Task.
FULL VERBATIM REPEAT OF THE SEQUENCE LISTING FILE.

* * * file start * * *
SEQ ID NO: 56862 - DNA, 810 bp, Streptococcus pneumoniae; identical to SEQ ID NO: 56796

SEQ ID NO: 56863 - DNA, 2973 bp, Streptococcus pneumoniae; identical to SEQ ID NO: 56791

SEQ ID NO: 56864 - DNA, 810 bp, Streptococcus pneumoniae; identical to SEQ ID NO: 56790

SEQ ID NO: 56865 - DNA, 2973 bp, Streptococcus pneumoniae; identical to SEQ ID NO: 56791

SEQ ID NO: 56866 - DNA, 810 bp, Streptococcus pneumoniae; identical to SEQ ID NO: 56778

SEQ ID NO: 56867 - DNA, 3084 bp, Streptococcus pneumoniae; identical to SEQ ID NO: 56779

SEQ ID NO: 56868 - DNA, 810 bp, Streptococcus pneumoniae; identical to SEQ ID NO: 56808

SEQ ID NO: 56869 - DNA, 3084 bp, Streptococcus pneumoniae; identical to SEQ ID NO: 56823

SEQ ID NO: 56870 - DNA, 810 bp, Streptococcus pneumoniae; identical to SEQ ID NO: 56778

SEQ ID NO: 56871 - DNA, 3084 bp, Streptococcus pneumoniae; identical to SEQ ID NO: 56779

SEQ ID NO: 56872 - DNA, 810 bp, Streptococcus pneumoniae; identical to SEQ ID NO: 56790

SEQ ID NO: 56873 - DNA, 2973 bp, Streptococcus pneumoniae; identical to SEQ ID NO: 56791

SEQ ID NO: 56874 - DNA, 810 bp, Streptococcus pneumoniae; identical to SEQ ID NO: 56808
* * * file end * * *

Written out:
SEQ ID NO: 56862 - DNA, 810 bp, Streptococcus pneumoniae; identical to SEQ ID NO: 56796

SEQ ID NO: 56863 - DNA, 2973 bp, Streptococcus pneumoniae; identical to SEQ ID NO: 56791

SEQ ID NO: 56864 - DNA, 810 bp, Streptococcus pneumoniae; identical to SEQ ID NO: 56790

SEQ ID NO: 56865 - DNA, 2973 bp, Streptococcus pneumoniae; identical to SEQ ID NO: 56791

SEQ ID NO: 56866 - DNA, 810 bp, Streptococcus pneumoniae; identical to SEQ ID NO: 56778

SEQ ID NO: 56867 - DNA, 3084 bp, Streptococcus pneumoniae; identical to SEQ ID NO: 56779

SEQ ID NO: 56868 - DNA, 810 bp, Streptococcus pneumoniae; identical to SEQ ID NO: 56808

SEQ ID NO: 56869 - DNA, 3084 bp, Streptococcus pneumoniae; identical to SEQ ID NO: 56823

SEQ ID NO: 56870 - DNA, 810 bp, Streptococcus pneumoniae; identical to SEQ ID NO: 56778

SEQ ID NO: 56871 - DNA, 3084 bp, Streptococcus pneumoniae; identical to SEQ ID NO: 56779

SEQ ID NO: 56872 - DNA, 810 bp, Streptococcus pneumoniae; identical to SEQ ID NO: 56790

SEQ ID NO: 56873 - DNA, 2973 bp, Streptococcus pneumoniae; identical to SEQ ID NO: 56791

SEQ ID NO: 56874 - DNA, 810 bp, Streptococcus pneumoniae; identical to SEQ ID NO: 56808